Ryder is a Conceptual Artist and Creative Director at OKFocus. He sat down with us in his studio in Long Island City to chat about his digital and non-digital projects. 

1. Why did you choose the space you work in?

High ceilings. I don’t feel like an ant in Long Island City.

2. How long have you been here?

2 years 

3. What music are you currently listening to in the studio?

Ryderripps’s Soundcloud

4. Can you tell us what Internet Archaeology is, why you started it and what you hoped to achieve with it? 

Listen to New Zealand’s NPR podcast with Ryder 

5. How did dump.fm come about? 

I was on Tumblr a lot in 08/09 and realized that I wasn’t blogging in the traditional form. It was more like a conversation. After Internet Archaeology I saw the power the internet had to bring people together in amazing ways, and thought it would be interesting to build a platform around it. So I teamed up with Scott Ostler and Tim Baker and we made dump.fm.

6. Why is internet art important to you?

Because the internet has caused the biggest shift in humanity since electricity.  

7. Why do you think people resist internet art? 

Because they are stupid. 

8. In an interview a while back you were talking about the elements/icons that makeup a lot of the web pages we look at. You said, “These are forms that become an idea in a transparent sense. We only talk about the function.” What spurred this fascination with these often over-looked “forms”? 

Visual language that is accepted by millions of people inevitably becomes a huge element of the fabric of our society. Like the way sidewalks look in different cities. This man-made environment has replaced nature as many people engage more with Facebook than they do with a mountain.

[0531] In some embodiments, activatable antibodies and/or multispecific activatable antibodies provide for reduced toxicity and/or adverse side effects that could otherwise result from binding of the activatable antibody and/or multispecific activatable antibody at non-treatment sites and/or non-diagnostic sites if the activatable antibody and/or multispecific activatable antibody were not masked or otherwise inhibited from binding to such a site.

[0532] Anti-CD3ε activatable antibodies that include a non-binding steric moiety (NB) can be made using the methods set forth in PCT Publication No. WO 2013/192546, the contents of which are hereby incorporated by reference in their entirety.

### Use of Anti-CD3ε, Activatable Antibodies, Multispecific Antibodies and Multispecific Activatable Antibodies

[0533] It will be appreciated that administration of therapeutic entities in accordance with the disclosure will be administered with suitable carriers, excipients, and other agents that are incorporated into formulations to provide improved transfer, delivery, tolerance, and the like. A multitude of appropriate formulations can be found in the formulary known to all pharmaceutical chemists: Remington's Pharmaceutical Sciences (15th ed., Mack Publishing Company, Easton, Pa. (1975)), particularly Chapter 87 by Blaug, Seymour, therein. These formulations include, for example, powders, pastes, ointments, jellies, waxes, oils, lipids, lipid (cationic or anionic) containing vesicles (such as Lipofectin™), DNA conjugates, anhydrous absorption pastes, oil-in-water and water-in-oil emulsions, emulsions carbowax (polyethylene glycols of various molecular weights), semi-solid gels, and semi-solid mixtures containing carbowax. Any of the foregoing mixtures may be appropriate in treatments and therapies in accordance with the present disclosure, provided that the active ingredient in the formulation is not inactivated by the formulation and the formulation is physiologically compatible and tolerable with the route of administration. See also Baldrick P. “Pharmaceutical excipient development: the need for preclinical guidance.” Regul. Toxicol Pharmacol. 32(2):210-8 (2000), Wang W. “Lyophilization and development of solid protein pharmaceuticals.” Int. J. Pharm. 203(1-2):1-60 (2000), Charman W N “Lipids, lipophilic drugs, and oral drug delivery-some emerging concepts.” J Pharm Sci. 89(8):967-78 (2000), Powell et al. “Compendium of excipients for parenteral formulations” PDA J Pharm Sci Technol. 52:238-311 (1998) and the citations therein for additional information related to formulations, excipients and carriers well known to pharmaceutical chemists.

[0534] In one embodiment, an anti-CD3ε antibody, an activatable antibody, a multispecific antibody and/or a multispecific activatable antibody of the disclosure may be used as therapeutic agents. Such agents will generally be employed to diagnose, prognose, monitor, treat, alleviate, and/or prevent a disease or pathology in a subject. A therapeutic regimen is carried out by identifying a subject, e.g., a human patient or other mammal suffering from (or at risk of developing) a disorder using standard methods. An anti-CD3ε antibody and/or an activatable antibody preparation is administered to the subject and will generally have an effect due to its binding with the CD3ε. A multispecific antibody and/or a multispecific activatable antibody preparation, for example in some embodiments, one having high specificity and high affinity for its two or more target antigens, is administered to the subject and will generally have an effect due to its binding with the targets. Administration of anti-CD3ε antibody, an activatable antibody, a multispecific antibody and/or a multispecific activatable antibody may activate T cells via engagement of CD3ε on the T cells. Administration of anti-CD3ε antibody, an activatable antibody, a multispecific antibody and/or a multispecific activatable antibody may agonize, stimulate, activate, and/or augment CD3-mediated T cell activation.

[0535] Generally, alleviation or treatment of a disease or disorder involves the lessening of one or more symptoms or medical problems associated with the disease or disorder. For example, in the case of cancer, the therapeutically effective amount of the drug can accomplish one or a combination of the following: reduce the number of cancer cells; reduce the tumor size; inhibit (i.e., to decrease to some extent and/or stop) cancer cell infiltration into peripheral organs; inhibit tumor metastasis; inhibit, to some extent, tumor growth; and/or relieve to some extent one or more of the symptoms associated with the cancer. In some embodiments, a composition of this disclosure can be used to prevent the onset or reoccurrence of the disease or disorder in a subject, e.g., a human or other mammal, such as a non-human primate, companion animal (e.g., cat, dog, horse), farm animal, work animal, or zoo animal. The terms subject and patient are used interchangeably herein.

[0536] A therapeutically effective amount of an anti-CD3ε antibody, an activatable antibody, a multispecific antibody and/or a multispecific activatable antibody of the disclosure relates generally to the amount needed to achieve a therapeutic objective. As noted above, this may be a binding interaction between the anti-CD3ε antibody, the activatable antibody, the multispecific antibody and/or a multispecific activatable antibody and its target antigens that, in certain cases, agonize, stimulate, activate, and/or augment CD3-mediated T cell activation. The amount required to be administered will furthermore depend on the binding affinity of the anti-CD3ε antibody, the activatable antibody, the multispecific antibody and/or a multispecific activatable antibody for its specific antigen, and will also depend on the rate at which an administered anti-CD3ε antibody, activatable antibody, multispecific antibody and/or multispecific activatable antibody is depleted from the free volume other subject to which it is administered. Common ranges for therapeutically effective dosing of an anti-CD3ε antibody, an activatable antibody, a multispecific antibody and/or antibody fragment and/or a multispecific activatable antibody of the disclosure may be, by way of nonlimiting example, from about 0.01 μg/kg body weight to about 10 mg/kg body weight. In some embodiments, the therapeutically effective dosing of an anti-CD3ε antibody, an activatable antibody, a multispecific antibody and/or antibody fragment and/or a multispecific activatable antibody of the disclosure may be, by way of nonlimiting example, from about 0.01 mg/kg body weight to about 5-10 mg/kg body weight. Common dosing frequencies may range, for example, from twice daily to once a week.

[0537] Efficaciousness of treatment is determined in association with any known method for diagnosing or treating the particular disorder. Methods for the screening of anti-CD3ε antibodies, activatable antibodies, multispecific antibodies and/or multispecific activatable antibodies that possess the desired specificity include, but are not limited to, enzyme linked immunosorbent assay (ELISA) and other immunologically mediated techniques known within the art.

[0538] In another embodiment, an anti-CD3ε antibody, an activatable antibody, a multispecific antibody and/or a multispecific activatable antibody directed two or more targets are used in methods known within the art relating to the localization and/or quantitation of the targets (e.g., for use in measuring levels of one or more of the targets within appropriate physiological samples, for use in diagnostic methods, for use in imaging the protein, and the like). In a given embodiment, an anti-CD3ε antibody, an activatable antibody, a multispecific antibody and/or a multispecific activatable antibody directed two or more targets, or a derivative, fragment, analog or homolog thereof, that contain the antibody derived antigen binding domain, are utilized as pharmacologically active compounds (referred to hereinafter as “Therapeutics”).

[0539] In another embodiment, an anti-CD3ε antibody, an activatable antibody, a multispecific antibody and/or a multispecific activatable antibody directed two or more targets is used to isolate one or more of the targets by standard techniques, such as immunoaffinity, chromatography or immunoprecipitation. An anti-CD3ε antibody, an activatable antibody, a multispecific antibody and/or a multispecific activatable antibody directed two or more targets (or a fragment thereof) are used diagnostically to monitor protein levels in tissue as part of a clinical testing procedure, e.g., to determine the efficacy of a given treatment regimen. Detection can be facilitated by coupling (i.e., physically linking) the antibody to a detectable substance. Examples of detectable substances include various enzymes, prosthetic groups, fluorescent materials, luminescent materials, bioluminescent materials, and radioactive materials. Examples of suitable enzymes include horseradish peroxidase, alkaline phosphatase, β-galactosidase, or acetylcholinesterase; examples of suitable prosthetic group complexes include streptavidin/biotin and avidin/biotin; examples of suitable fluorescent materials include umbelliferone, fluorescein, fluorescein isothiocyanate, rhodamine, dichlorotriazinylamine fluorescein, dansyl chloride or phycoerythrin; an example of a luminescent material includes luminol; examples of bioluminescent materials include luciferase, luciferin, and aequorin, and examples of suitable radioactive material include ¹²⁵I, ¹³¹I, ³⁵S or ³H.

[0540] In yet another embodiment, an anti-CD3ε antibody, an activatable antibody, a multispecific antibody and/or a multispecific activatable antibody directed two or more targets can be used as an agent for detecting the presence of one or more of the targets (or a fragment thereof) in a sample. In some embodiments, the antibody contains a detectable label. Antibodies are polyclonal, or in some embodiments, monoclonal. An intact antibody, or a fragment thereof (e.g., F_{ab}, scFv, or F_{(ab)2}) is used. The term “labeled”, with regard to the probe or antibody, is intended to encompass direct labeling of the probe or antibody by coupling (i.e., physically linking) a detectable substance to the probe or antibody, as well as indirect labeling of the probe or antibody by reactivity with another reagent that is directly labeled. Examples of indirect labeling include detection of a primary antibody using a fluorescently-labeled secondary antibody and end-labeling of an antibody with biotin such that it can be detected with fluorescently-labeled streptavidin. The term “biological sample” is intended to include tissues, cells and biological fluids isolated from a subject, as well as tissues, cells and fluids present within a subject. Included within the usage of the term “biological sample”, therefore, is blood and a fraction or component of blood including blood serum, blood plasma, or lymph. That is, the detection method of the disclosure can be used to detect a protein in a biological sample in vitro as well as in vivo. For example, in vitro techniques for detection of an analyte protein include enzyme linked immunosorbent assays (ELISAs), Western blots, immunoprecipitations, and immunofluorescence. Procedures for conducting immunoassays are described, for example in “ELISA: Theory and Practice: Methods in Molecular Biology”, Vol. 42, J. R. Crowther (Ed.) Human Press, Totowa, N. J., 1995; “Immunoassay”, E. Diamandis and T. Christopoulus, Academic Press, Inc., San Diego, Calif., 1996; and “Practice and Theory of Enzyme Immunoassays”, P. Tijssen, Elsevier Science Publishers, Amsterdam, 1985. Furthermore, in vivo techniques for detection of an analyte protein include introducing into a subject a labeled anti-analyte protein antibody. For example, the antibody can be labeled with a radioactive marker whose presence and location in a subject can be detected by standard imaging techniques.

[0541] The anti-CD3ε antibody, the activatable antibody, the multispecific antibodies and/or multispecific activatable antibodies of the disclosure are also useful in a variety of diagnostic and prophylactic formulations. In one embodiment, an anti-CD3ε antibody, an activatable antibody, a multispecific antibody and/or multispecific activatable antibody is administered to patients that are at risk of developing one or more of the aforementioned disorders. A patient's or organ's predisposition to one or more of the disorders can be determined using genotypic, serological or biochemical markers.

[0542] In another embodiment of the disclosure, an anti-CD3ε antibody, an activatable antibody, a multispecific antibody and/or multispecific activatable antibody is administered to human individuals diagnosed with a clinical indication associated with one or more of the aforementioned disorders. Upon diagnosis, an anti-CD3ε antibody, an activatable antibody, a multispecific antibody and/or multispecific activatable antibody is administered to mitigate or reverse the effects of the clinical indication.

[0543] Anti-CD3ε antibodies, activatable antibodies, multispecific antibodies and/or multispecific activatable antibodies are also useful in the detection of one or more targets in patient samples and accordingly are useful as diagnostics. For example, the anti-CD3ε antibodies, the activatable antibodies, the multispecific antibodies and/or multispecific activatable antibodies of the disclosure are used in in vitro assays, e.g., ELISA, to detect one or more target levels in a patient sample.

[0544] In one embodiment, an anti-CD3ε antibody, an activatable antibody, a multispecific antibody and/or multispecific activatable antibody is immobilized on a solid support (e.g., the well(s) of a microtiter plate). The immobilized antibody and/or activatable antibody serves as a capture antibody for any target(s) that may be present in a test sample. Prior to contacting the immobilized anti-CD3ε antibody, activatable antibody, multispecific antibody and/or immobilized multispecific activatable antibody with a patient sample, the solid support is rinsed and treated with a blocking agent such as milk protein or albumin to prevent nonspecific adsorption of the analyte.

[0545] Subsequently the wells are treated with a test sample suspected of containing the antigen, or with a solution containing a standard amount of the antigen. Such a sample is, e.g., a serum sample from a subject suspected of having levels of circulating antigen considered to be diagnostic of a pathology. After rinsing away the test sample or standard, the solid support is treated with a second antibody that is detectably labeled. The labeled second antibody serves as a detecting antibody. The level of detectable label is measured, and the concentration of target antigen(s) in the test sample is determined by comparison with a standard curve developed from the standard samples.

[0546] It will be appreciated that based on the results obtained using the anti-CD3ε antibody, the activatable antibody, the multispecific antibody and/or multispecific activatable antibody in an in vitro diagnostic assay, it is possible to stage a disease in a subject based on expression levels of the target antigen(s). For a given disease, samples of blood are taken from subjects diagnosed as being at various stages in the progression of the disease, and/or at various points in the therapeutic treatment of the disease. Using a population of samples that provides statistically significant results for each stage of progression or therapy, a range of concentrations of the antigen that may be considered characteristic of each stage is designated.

9. Has there been a particular exhibit or something that has had an impact on the way you approach art?

I’m interested in how interfaces effect culture and promulgate certain aesthetics.  

10. You launched Post Hang this year, can you tell us about how this project came to be?

Dump.fm 2.0, I think the format of a chatroom is still relevant and is a useful way for like minded people to share ideas and images.

11. Recently, you have branched into art that is outside of the digital realm with your Adrianne Ho distortion paintings. Why did you choose her as a subject? 

There are many people (men and women, amateur and professional) who snap these self indulgent type modeling shots. I chose Ho because she has made a career of it. She offers what could be viewed as the quintessence of this style – her photos exaggerate all the questions of authenticity, ego, self, commercialism and sexuality that this Instastyle conjures up. 

12. What do the distortions represent?

Current state of masculinity, man vs. technology, carnage in the state of mawkishly sentimental images, humanity, art history.

13. Instagram has started to moderate/take down some of the images that you post of these Adrianne Ho paintings, how do you feel about this?

I don’t mind because its shit like this that makes platforms fleeting, inevitably Instagram will end and something else will take its place. The sooner that happens the better, I believe in evolution.

14. What other projects you’re working on?

Applying my skills to various projects for other people, some of whom I deeply respect and am honored to collaborate with.